$35 flights coming soon as airlines try to get us flying
Holiday-makers are expected to nab a bargain in coming weeks amid speculation cross-border travel will be allowed by mid July, prompting a surge in cheap domestic flights.
Virgin Australia has more than doubled the number of flights on offer to Queensland, Melbourne and Perth from July 12, foreshadowing the opening of interstate borders.
The announcement comes after Qantas and Jetstar also flagged plans to boost their domestic capacity, prompting a travel expert to forecast a huge drop in flight prices.
While a date for borders to reopen has not yet been confirmed, Virgin on Thursday seized on hints from the PM and increased flights from Sydney to Brisbane, Melbourne and Perth to seven days a week and Sydney to the Gold Coast to five days a week from July 12.
"As state travel restrictions begin to ease, Virgin Australia is proud to enable more travellers to return to the skies," the airline said.
Qantas and Jetstar days earlier had also announced they will scale up domestic flights in the next few weeks provided interstate travel restrictions are lifted.
Bargain hunters can rejoice
The announcements come with a welcome promise for travellers desperate to embark on their next adventure - dirt cheap flights.
Domestic flights are currently going at a hefty price tag, with a Qantas flight to Melbourne costing as much as $300 return.
Travel expert Quentin Long, co-founder of Australian Traveller Media, said this will soon change and prices will fall as domestic flights are ramped up by airlines.
"As soon as demand rises, you get pricing increases. At the moment we've got highly constrained supply and therefore demand exceeding supply. To stimulate the market, airlines have to start offer cheap airfares.
"They'll lead with hero deals. The $39 Melbourne to Sydney return stuff because they're trying to stimulate demand."
Consumers will have to get in quick, Mr Long says, with bookings made as soon as the borders are opened again the most likely to snag a good deal.
"It will be early bird catches the best worm because they can't sustain the cheap prices. As soon as they can airlines will look at increasing prices so you have to get in quick."
Cross-border travel imminent
The news comes as state borders remain closed between NSW and Queensland and Victoria.
But this is expected to change in a matter of weeks as leaders come under mounting pressure to name a date for cross-border travel.
Prime Minister Scott Morrison has called on leaders to fast track interstate travel after last month announcing the final stage of the lockdown would be lifted in July.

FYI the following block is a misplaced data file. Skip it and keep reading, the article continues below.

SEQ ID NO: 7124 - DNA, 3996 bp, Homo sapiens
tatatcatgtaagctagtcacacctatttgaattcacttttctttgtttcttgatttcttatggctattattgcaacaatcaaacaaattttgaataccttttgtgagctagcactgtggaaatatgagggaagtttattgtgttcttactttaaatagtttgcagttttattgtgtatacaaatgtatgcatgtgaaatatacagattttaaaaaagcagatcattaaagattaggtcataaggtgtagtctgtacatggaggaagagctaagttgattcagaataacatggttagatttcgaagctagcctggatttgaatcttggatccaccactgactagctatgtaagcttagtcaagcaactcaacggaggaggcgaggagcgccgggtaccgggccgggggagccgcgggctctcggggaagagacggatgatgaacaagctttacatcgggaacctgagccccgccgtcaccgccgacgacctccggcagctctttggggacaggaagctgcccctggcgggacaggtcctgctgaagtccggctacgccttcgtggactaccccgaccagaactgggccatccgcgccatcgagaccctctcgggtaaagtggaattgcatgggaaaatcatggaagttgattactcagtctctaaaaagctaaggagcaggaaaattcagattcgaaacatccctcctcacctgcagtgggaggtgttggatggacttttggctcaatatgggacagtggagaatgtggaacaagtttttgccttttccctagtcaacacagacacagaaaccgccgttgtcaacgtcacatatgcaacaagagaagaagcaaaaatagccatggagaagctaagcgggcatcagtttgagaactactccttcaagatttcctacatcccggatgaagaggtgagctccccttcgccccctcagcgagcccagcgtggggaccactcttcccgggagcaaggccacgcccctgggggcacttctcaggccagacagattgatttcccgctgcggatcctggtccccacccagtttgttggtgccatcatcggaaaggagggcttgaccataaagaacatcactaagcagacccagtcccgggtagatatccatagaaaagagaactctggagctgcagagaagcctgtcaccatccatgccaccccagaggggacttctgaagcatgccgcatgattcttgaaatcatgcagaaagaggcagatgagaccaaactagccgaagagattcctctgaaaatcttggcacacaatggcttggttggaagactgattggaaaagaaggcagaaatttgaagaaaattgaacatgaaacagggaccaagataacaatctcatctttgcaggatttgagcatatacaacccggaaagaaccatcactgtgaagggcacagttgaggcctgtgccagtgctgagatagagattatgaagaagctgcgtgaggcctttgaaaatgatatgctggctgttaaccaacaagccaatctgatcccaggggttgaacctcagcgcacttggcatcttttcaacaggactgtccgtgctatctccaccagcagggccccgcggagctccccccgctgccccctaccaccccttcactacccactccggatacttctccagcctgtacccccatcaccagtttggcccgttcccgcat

"We look forward to the three-step process being completed in July and I would be hoping that at the earliest opportunity states will be able to indicate the date in July that travel will be open again," he said.
But state premiers have yet to confirm a date for cross-border travel, with NSW Premier Gladys Berejiklian and Queensland Premier Anastasia Palaszcuk sparring over their border shutdown as Queensland takes a hard line stance on reopening and Ms Berejiklian accuses them of hindering the nation's economic recovery.
Ms Palaszcuk did, however, on Thursday say she would review the Queensland border closure at the end of the month.
With Virgin and Qantas both jumping the gun and naming more flights for July, it's possible interstate travel could be weeks away.
Although airlines are gearing up to welcome travellers back, plane travel is set to look very different to anything we have ever seen - with stringent social distancing rules enforced.
Mr Long says the flight experience will see social distancing encouraged between seats, most people forced to wear masks, minimal interaction with crew and pre-packaged meals.
"It will be this way for the foreseeable future but in the long-term you'll see some behaviours have changed forever and hygiene on aircraft is a much more conscious thing," he said.
The downside of these changed behaviours is potentially "excruciatingly" drawn out check-in processes
"The whole experience is going to need patience, check-in will be extended, security will be much more difficult, boarding is going to be tedious and this is going to slow down timetables, planes won't fly as much," he said.
Originally published as $35 flights coming soon as airlines try to get you back in the skies